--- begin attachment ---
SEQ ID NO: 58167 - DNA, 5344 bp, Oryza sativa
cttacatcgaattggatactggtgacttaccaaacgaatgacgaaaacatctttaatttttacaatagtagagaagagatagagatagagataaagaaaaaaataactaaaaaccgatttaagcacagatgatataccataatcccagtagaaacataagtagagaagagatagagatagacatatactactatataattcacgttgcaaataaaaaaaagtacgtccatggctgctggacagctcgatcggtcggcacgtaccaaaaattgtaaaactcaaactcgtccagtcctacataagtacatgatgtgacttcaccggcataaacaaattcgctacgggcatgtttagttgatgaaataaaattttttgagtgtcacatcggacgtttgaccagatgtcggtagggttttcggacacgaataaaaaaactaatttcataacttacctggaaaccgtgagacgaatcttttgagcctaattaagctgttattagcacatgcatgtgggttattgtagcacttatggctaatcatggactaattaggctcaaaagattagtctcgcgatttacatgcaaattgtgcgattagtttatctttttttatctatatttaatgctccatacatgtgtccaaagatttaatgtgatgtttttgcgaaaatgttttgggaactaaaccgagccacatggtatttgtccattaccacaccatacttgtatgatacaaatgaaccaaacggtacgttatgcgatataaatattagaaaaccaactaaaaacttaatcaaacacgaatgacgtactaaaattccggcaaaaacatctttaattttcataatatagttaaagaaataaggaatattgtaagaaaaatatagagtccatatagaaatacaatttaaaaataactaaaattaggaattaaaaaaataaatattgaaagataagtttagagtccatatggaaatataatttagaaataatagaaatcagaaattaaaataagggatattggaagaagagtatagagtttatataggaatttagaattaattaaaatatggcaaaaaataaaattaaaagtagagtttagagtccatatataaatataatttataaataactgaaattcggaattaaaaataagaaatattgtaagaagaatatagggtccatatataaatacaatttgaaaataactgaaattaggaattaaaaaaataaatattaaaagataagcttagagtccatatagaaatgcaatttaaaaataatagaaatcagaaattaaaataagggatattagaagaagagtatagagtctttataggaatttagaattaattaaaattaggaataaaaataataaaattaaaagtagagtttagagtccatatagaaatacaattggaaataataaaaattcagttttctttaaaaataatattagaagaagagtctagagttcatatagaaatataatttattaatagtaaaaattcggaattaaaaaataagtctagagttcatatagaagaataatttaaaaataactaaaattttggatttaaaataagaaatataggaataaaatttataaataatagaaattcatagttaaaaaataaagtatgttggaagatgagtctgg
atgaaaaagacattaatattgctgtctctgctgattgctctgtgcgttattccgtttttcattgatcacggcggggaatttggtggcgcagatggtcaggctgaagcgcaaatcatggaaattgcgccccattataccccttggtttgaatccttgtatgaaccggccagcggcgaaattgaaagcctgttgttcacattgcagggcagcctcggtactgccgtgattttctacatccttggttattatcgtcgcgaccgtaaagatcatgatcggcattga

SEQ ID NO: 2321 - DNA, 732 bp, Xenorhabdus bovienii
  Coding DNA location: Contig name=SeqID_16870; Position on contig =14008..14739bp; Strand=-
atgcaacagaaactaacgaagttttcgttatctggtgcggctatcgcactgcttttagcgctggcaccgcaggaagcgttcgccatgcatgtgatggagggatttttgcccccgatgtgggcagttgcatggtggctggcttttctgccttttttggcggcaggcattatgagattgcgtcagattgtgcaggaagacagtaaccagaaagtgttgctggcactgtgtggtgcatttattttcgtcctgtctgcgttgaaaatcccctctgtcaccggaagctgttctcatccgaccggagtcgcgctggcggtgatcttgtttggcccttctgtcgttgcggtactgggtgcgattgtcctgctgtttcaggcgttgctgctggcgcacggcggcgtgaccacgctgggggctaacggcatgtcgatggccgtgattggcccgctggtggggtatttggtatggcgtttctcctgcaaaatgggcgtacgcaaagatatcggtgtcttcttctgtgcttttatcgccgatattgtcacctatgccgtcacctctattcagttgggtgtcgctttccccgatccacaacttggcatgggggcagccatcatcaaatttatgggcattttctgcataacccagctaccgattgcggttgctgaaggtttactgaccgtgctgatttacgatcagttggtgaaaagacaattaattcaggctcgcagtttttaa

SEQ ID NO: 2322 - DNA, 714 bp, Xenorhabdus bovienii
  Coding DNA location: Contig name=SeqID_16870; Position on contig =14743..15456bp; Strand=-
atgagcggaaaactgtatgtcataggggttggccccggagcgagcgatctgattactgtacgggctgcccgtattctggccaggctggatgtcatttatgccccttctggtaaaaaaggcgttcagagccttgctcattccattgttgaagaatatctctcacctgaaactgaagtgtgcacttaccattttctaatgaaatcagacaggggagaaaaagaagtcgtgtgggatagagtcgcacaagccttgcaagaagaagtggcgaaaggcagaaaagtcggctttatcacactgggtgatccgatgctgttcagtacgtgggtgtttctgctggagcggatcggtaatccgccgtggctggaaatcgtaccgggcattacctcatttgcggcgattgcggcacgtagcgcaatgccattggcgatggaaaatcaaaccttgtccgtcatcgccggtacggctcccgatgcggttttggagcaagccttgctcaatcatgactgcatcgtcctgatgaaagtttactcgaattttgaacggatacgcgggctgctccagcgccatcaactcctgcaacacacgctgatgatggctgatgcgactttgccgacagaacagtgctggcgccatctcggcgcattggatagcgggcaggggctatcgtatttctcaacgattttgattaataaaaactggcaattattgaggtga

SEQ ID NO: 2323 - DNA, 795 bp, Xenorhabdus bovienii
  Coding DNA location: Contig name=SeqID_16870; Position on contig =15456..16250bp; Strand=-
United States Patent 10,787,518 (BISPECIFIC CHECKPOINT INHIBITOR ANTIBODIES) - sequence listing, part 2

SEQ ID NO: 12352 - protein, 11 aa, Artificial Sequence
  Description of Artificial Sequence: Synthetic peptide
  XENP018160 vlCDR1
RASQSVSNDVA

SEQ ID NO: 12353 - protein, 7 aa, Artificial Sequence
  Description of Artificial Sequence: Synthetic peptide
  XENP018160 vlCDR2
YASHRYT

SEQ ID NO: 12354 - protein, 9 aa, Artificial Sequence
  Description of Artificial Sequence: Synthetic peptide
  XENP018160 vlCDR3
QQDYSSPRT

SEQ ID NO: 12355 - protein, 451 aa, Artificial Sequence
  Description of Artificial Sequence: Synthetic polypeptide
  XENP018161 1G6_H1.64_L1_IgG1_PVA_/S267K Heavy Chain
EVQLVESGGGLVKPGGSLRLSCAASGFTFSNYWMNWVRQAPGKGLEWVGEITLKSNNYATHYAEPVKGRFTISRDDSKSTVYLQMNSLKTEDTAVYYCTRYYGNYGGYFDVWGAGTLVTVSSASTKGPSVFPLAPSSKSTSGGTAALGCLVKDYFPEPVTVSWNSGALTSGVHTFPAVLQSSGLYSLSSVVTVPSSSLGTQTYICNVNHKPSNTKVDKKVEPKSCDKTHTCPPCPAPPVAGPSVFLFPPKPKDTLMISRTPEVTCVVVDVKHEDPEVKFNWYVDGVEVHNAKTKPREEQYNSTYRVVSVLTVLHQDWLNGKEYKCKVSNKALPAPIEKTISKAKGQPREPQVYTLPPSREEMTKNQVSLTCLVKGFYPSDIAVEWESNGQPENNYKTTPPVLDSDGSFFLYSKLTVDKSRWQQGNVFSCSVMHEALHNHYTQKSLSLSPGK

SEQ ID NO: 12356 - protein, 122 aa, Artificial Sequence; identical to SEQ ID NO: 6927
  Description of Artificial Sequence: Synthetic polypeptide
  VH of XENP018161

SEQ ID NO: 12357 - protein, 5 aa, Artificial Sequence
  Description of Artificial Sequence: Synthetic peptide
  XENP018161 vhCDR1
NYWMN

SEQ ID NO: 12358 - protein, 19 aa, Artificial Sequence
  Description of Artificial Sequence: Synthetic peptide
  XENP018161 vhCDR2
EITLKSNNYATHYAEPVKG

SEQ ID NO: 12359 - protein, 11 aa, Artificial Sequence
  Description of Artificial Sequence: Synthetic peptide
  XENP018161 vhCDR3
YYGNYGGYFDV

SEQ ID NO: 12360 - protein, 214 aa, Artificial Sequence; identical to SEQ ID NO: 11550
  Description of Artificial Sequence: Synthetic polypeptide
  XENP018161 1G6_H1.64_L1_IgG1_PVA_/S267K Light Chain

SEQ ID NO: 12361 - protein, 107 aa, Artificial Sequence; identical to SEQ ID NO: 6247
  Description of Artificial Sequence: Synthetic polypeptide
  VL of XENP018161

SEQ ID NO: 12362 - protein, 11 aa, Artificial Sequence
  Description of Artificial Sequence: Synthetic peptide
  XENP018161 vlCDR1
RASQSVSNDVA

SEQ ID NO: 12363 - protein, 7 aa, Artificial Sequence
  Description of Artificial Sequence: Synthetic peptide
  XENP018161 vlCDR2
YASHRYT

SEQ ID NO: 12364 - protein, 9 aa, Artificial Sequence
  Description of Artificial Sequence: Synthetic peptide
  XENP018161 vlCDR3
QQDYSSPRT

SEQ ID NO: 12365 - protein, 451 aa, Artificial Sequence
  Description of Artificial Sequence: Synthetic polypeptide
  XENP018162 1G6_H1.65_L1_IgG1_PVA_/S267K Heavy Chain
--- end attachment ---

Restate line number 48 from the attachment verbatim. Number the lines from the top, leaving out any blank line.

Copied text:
  Description of Artificial Sequence: Synthetic polypeptide